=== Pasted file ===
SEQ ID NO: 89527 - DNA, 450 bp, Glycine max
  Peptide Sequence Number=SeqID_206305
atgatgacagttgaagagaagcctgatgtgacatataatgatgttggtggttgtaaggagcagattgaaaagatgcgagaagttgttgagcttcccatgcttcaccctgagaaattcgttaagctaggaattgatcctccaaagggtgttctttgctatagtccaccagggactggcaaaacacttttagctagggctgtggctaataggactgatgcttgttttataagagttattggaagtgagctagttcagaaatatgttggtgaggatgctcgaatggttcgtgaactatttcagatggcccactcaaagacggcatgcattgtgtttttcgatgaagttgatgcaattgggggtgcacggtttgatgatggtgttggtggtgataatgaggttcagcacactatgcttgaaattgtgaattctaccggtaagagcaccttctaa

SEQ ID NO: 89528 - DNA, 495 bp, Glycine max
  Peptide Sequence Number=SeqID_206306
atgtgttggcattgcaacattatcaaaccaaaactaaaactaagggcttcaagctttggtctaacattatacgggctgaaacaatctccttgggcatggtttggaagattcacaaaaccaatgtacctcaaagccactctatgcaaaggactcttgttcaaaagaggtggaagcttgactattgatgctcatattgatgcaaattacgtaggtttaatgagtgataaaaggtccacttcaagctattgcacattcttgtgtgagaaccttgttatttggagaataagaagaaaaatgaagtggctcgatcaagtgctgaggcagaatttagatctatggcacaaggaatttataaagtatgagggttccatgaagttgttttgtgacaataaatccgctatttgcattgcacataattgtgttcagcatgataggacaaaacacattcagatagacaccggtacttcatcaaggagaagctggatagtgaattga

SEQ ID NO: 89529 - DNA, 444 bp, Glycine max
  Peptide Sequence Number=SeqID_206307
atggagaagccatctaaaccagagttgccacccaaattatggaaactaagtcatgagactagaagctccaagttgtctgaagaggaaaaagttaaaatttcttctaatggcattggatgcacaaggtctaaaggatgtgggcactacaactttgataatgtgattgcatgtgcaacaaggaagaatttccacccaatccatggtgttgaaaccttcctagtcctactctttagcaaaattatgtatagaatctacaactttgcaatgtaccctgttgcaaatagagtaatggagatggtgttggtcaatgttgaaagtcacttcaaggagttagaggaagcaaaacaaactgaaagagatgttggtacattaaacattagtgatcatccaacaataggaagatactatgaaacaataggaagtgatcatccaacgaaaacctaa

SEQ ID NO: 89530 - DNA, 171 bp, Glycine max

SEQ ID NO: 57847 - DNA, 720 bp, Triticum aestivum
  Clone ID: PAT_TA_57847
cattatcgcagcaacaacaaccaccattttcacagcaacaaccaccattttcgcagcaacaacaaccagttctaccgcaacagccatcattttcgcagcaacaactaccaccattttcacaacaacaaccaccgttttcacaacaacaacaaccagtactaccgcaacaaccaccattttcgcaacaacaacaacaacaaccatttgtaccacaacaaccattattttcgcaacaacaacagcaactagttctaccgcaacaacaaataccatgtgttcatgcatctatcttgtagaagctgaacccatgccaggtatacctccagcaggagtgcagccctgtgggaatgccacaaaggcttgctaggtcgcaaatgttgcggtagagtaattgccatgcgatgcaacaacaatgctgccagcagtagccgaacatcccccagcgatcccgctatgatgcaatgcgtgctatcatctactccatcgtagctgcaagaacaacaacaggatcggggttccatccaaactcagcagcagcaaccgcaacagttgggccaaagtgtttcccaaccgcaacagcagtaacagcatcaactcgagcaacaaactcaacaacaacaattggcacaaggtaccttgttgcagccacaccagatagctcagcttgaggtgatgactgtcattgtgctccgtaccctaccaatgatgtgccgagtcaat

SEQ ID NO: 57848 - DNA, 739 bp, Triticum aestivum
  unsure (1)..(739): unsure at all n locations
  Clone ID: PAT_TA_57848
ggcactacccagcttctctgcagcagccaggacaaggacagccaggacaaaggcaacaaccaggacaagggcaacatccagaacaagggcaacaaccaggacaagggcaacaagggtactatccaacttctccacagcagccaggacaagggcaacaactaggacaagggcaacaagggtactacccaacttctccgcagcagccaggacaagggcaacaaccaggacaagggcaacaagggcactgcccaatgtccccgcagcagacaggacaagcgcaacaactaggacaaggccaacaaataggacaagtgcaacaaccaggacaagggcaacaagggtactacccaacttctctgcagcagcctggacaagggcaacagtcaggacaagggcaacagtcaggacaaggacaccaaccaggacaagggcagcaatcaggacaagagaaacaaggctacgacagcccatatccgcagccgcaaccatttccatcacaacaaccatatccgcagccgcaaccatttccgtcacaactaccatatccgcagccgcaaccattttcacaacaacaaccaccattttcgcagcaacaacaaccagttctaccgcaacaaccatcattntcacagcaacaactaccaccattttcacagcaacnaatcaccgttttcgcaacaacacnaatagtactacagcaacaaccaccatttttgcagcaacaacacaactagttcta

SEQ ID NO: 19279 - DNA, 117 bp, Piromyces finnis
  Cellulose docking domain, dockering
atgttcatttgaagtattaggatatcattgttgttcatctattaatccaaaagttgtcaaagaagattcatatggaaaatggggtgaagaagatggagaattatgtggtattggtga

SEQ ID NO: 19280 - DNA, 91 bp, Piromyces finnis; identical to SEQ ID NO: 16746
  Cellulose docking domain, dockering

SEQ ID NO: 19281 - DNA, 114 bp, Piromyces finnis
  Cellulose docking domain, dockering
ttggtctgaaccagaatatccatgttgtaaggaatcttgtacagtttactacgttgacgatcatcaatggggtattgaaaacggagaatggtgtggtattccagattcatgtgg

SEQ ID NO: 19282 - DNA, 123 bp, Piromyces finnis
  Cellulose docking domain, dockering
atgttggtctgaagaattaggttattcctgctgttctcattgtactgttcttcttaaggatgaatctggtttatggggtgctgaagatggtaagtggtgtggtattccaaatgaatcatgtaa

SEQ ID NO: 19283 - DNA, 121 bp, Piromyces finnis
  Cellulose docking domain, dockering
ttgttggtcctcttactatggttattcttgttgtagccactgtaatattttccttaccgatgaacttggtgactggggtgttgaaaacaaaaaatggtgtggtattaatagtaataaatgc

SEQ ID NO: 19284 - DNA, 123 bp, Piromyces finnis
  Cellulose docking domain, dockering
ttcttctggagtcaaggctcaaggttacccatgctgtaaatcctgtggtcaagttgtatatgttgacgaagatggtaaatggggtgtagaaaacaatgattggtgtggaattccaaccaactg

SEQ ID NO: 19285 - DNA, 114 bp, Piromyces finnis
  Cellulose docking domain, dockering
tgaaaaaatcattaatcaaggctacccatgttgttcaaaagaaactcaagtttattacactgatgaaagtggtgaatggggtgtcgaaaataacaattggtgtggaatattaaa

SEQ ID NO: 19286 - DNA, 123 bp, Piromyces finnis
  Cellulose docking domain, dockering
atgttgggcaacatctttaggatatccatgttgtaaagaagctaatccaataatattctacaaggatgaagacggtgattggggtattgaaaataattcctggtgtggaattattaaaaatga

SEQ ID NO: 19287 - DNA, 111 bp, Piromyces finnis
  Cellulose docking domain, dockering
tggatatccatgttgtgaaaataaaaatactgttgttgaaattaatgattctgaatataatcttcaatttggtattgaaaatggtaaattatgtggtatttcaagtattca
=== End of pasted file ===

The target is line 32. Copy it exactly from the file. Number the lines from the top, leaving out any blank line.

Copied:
SEQ ID NO: 19284 - DNA, 123 bp, Piromyces finnis